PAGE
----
Starting Pitching: 55. The strength of Clemson's pitching staff is its depth. Stoneburner is the only lock for the weekend rotation, and five pitchers will compete for the final two spots. With so many intriguing options, the Tigers stand a good chance of finding at least three solid starters. Stoneburner, who took a redshirt in 2007 after tearing his anterior cruciate ligament, regularly runs his fastball up to 94 and has developed a good changeup. Delk came on strong down the stretch last year and works in the 90-93 range. Dwyer is one of the nation's most mature freshmen—he'll be draft-eligible in June—and was a pleasant surprise in the fall, working at 89-91 from the left side to go with a good curveball. Fr. RHP Kevin Brady might have the best arm on the staff and has good command of a fastball that reaches 93. So. LHP Craig Gullickson and Sr. LHP Ryan Hinson also have good stuff and could be factors as starters.

Graham Stoneburner (Photo by Tony Farlow)
Bullpen: 65. Vaughn, who relies on an excellent slider and an aggressive approach, anchors a very deep bullpen. So. LHP Casey Harman, the No. 4 prospect in the New England Collegiate League last summer, pounds the strike zone with a deceptive, lively 86-88 mph fastball, tight 1-to-7 curve and promising changeup. Undersized Jr. RHP Justin Sarratt, the No. 8 prospect in the Coastal Plain League, is a bulldog with a quality four-pitch mix, and Fr. RHP Scott Weismann is cut from the same cloth. The X-factor is So. RHP Josh Thrailkill, who redshirted with a hip injury last spring but has a big-time arm.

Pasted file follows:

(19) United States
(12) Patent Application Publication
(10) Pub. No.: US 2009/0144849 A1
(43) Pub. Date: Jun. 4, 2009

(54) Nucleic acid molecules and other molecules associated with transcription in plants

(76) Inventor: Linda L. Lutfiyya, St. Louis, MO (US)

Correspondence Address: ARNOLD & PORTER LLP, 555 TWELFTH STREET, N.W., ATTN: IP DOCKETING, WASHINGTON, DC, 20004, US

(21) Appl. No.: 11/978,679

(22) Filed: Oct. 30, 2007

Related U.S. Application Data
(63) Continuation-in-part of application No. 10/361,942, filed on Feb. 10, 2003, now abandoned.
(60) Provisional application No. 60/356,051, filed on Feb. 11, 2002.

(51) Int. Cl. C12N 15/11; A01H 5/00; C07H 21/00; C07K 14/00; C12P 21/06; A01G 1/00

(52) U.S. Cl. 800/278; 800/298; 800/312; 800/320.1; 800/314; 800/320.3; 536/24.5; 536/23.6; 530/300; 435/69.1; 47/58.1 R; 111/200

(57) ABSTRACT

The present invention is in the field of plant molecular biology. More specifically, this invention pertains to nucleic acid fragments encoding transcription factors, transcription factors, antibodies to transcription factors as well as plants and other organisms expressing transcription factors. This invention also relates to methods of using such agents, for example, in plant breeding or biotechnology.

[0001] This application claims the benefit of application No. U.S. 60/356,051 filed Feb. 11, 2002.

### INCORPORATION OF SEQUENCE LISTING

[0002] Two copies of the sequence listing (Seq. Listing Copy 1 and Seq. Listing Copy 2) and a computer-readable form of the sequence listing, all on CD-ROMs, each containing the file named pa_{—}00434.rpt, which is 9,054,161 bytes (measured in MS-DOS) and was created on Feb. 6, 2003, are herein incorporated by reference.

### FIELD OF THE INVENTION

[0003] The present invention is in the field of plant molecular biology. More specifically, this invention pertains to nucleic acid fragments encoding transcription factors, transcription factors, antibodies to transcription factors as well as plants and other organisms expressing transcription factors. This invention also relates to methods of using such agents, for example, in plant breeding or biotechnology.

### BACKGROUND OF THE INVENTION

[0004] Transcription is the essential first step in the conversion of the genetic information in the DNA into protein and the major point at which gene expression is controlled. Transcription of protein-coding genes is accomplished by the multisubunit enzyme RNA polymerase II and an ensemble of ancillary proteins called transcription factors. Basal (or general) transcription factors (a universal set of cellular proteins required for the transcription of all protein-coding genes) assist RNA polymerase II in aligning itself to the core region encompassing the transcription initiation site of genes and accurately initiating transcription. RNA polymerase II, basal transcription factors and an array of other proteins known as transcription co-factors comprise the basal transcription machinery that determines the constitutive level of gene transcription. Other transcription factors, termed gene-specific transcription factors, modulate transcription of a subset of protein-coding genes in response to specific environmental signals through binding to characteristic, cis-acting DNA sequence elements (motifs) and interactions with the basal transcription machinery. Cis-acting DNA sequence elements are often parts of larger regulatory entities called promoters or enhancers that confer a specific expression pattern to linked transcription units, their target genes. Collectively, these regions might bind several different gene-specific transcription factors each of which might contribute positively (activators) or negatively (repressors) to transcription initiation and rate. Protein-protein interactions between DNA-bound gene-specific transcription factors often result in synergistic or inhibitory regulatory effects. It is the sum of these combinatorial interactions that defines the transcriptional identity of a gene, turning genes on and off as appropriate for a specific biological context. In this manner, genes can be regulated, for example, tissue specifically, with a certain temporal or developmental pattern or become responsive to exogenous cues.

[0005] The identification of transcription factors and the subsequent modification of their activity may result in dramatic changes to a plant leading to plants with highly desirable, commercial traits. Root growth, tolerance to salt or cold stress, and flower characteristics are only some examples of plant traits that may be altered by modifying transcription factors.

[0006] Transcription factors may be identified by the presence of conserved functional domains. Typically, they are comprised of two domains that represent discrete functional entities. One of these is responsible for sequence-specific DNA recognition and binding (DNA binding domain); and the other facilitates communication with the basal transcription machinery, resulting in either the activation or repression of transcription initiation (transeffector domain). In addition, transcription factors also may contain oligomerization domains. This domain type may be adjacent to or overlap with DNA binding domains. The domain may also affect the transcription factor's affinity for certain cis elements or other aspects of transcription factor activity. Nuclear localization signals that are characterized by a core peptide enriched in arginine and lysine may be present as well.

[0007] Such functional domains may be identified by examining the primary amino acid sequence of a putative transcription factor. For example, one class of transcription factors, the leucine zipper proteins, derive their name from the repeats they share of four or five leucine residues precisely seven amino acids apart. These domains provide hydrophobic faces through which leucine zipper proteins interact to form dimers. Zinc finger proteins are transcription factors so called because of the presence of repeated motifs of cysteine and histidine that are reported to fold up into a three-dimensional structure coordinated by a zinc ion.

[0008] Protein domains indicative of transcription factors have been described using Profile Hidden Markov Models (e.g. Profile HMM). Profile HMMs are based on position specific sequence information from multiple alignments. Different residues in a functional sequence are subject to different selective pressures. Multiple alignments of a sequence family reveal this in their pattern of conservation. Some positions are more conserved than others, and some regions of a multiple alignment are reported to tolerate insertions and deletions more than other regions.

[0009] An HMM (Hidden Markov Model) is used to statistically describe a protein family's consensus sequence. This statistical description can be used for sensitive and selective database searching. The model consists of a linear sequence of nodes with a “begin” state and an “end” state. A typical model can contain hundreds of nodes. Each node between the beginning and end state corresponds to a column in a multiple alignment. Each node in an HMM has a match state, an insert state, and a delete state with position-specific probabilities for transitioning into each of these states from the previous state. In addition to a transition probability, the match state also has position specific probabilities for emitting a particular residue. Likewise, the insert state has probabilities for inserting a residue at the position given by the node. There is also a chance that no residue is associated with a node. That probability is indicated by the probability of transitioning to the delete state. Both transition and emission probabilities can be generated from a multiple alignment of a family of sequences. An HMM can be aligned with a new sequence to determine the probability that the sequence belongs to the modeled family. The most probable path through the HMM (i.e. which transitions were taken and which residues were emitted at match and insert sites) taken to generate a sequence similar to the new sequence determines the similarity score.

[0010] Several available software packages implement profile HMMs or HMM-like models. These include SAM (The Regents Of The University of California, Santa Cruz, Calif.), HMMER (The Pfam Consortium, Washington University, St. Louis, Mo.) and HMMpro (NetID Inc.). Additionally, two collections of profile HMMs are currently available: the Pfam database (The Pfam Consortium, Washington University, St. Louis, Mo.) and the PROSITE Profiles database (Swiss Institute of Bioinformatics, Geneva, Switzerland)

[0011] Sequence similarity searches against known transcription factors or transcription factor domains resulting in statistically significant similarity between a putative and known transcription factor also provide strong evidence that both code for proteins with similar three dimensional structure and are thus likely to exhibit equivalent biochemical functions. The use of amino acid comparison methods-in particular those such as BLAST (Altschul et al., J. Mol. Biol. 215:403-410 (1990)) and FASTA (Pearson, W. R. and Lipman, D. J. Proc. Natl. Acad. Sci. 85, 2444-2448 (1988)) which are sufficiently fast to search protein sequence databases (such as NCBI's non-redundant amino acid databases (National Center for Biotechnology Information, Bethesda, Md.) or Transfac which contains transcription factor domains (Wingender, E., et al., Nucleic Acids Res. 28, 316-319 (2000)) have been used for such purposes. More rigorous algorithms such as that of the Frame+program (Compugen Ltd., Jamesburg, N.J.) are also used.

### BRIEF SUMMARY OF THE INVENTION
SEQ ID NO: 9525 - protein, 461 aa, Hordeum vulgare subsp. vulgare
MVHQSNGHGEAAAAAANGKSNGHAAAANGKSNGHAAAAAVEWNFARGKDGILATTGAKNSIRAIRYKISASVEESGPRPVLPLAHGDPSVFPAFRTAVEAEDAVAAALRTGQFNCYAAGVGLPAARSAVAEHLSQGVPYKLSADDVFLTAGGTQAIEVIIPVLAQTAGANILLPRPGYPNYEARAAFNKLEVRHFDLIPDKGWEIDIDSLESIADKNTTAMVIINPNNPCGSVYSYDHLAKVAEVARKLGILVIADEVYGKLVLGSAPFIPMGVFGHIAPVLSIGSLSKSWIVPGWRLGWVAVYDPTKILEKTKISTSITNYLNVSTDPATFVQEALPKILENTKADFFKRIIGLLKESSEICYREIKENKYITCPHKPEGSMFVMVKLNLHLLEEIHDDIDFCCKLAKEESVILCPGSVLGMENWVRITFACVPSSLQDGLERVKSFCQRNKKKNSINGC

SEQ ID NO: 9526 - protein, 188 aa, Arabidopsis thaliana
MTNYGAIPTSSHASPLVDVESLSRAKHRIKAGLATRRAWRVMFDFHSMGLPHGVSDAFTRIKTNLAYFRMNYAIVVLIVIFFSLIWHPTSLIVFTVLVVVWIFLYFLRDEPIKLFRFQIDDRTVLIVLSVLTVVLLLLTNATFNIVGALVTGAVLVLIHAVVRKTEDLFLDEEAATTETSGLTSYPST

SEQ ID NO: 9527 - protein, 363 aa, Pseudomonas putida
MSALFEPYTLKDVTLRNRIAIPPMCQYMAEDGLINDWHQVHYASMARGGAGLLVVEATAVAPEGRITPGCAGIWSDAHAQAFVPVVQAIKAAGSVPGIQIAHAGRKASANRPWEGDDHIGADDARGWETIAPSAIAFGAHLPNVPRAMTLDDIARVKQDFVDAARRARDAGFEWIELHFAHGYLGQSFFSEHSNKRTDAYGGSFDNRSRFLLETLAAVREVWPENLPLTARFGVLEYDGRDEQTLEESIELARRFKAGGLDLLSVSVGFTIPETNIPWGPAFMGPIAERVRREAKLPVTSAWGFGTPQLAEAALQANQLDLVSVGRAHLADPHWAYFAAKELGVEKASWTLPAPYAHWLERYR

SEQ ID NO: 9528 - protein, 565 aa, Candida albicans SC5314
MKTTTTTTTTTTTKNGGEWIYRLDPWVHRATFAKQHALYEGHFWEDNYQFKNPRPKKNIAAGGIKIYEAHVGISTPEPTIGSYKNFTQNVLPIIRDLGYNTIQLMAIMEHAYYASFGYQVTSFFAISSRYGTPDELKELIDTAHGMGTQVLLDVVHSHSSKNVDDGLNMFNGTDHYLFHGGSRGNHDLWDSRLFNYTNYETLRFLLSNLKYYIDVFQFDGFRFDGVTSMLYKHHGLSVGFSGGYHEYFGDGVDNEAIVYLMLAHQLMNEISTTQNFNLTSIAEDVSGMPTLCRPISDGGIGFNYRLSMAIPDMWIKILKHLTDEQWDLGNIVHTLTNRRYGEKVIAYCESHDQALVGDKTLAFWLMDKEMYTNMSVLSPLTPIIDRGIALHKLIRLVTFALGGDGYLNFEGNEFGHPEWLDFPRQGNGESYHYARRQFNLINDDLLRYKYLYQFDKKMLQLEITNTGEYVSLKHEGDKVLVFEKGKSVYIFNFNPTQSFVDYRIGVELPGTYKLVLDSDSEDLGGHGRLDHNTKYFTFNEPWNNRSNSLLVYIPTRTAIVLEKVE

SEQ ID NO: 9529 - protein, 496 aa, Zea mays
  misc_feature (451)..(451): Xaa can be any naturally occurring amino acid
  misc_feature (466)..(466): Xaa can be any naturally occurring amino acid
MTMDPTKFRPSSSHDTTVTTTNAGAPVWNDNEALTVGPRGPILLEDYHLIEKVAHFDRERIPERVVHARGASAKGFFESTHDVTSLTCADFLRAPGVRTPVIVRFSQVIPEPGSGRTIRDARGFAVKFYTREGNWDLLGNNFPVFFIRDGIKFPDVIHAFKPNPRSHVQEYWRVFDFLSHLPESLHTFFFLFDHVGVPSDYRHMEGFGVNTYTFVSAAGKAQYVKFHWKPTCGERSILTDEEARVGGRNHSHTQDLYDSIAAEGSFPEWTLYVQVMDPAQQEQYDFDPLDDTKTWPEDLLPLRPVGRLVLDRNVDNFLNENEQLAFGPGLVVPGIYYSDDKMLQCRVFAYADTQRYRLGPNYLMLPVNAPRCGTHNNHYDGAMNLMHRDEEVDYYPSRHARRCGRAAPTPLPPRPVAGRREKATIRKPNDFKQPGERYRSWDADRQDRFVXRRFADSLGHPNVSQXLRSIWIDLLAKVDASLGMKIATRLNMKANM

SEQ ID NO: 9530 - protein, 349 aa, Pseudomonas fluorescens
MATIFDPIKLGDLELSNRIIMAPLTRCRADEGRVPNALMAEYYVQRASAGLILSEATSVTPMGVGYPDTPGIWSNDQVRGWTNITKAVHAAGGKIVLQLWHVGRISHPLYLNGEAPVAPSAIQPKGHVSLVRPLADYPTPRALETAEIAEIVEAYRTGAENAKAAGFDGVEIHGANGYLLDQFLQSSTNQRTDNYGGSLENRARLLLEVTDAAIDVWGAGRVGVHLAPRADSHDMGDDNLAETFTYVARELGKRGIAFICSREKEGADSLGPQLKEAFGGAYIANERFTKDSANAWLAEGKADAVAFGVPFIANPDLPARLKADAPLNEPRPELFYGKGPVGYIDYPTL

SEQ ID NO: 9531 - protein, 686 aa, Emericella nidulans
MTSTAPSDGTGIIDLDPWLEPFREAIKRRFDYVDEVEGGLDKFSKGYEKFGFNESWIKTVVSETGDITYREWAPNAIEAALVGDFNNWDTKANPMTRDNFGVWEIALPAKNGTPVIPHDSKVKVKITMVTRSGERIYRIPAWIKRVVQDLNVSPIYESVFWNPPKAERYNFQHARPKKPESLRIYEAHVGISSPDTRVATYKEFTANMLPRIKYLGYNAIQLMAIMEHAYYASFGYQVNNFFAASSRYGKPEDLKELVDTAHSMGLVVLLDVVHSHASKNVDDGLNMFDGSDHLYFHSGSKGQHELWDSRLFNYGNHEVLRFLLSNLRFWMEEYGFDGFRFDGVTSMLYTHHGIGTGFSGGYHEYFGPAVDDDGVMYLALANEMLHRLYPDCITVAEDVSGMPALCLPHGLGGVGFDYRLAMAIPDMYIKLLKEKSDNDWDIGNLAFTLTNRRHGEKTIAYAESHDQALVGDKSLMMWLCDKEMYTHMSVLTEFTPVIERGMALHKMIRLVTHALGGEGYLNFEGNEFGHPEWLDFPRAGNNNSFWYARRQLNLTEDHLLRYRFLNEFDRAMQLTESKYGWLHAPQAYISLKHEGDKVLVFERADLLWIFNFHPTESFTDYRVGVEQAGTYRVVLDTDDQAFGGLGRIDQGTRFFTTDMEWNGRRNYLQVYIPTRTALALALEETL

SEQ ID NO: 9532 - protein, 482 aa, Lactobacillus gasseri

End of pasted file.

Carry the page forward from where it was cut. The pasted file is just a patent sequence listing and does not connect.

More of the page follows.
Hitting: 60. As deep as the Tigers are on the mound, they might be deeper on the diamond, where competition for starting jobs will be thick. Stolz and fellow touted freshman Brad Miller are both big, strong and fast and will compete for jobs on the left side of the infield with So. 3B John Hinson and Widmann. The small but dynamic Johnson makes Clemson go out of the leadoff spot, and when he was lost for the 2008 season with a hand injury, the Tigers tanked.  Freeman is a classic No. 2 hole hitter with good bat-handling skills. Schaus might be the best pure hitter on the team, a line-drive machine with a great feel for the strike zone. So. OF Chris Epps, another fine athlete with a promising bat, will battle for at-bats with Schaus and Boyd.